Our sources, which were best fitted by models with disks, present a spread of disk masses around ~0.1 M with no visible trend for the youngest sources; the few older sources, at ~106 yrs, have less massive disks and with bigger uncertainties, as one would expect. Most of the modeled sources show the presence of both disks and envelopes and protostars without envelopes have ages greater than one million years. As expected from the physics assumed in the models, the disk accretion rate (~10-6 Myr-1) is lower than the envelope accretion rate (~10-3 Myr-1). The dependence of the envelope accretion rate as a function of stellar mass corresponds to a power law, with an exponent of 2, suggesting that these objects are undergoing spherical accretion.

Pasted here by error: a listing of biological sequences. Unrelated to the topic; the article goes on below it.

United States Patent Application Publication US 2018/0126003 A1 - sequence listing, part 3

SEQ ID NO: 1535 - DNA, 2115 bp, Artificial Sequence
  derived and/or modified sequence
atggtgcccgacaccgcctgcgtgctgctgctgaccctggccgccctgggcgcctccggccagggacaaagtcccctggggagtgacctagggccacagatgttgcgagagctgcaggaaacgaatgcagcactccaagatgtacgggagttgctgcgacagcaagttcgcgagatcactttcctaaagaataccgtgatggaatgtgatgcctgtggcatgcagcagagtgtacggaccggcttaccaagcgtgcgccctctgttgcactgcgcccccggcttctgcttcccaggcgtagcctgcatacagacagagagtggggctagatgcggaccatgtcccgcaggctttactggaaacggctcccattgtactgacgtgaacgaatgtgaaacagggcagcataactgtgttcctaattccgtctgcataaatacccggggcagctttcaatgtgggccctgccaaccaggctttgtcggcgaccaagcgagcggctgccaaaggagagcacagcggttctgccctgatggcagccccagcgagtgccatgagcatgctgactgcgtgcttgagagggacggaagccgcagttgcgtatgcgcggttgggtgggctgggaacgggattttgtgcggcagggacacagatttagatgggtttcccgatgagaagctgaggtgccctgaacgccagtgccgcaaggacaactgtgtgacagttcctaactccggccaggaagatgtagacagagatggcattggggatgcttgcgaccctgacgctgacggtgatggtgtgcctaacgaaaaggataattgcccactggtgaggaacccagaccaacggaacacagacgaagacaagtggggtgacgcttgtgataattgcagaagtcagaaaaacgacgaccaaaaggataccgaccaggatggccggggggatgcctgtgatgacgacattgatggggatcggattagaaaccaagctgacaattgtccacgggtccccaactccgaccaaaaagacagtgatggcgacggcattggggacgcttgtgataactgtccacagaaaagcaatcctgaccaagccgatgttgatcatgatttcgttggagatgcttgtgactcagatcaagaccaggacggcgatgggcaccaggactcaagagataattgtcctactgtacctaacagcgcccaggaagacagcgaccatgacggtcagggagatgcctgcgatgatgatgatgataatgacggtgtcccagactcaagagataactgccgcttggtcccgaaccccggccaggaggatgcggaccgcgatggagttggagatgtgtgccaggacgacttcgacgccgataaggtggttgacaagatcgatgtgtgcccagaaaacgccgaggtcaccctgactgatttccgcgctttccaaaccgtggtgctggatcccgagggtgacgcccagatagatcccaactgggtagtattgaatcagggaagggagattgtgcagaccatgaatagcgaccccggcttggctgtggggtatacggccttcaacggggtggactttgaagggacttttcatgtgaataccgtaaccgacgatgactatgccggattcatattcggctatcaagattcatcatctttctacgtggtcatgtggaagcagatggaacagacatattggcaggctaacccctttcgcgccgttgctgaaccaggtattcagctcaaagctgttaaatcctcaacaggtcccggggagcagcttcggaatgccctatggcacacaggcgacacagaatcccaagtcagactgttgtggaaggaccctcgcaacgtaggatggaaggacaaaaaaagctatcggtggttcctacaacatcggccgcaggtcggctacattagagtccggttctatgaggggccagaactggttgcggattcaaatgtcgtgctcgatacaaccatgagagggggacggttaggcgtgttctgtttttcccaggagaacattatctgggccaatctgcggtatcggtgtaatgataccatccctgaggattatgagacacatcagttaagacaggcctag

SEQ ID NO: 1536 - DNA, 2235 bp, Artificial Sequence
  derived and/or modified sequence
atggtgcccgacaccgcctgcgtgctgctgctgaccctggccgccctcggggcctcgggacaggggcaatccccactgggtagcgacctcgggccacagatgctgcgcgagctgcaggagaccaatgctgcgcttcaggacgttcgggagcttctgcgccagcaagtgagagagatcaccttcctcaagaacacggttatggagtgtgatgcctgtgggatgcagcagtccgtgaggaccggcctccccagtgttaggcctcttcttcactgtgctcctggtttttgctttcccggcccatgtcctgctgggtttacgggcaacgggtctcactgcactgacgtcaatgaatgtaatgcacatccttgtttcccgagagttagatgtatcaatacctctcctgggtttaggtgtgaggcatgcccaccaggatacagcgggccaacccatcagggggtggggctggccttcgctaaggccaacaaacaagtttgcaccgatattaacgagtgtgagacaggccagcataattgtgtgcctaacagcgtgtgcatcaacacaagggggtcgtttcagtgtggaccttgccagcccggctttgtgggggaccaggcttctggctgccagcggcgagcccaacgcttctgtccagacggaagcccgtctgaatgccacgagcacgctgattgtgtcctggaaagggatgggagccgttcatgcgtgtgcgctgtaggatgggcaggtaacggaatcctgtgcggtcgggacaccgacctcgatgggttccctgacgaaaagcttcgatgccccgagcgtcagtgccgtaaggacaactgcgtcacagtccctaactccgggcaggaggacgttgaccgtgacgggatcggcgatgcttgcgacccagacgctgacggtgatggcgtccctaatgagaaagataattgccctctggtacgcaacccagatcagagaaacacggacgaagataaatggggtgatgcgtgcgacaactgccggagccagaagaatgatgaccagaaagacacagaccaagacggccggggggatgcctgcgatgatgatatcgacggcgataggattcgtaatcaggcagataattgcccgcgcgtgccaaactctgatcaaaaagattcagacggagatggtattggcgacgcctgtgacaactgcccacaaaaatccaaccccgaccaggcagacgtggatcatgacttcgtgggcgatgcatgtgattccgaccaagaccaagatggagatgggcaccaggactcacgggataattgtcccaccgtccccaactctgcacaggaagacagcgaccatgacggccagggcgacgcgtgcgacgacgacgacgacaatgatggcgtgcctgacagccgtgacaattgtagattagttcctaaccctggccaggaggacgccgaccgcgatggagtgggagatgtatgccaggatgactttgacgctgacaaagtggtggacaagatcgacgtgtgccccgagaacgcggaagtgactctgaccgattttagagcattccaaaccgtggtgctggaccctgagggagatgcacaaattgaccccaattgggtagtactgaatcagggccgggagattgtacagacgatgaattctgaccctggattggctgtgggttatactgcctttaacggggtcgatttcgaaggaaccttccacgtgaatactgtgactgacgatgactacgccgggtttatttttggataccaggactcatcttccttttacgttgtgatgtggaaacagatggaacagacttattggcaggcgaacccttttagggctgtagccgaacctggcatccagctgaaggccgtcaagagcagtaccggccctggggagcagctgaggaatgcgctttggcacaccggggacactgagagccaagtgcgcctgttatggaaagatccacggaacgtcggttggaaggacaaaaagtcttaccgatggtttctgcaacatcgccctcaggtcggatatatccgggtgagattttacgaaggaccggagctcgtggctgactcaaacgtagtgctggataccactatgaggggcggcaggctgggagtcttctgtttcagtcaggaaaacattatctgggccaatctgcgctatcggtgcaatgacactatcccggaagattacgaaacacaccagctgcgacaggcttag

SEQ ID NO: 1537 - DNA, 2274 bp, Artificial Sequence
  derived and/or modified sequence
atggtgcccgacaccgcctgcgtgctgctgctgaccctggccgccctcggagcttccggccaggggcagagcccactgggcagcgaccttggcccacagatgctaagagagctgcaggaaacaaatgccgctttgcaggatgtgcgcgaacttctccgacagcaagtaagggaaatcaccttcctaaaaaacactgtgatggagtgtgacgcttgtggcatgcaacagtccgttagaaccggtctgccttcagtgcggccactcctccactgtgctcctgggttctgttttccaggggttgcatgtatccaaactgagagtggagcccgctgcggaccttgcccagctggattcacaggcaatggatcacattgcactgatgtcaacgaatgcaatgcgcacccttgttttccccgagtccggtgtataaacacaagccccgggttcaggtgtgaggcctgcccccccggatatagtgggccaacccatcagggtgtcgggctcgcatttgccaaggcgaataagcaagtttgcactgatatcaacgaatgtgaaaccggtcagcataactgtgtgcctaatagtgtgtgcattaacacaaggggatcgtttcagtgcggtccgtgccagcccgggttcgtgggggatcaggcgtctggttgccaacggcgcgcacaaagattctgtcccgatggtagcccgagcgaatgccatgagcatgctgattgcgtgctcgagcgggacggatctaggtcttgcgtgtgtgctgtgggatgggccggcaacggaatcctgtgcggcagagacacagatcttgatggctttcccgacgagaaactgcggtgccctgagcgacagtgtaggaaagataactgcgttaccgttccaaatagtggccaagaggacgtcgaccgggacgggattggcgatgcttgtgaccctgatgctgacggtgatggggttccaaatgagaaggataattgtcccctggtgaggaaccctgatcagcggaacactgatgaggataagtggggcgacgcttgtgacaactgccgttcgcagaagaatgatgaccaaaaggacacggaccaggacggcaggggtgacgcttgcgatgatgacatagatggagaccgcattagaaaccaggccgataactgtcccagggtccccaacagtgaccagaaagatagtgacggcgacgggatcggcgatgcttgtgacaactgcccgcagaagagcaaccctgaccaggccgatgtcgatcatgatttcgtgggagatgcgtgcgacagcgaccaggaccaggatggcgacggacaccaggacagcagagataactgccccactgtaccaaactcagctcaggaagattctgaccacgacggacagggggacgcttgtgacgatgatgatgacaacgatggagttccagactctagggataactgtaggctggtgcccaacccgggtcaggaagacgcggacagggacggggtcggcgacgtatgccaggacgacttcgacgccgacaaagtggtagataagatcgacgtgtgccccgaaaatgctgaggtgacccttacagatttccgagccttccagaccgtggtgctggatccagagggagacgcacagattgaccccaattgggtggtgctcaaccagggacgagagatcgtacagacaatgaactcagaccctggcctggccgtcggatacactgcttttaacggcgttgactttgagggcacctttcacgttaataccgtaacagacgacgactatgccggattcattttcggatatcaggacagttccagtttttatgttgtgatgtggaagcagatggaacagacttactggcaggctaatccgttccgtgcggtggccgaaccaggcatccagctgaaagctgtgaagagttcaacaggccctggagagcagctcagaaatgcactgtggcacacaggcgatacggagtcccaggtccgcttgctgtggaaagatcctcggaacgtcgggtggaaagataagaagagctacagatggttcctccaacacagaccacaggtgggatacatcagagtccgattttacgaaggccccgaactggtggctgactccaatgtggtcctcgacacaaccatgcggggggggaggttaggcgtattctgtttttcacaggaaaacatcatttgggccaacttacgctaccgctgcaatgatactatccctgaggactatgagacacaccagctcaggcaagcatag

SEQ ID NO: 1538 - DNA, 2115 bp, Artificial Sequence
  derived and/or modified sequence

We must also note that, due to limitations in the models used in the SED fitting tool, we may be overestimating the mass of at least some of the stars with more than ~20M, which means we may be looking instead to proto-B stars. However, due to the large accretion rates obtained, some of them could evolve to O stars. Besides, in order to grasp the true nature of the different protostellar components, we may need better observational constraints on the toroid sizes, cavity opening angles and densities at larger distances, which will be of importance for future model grids. Nevertheless, the observed SEDs are well explained in the framework of an accretion scenario model.

[1] Spitzer-IRAC GLIMPSE of high mass protostellar objects. I Infrared point sources and nebulae, Astronomy and Astrophysics, Volume 472, Issue 1 (2007)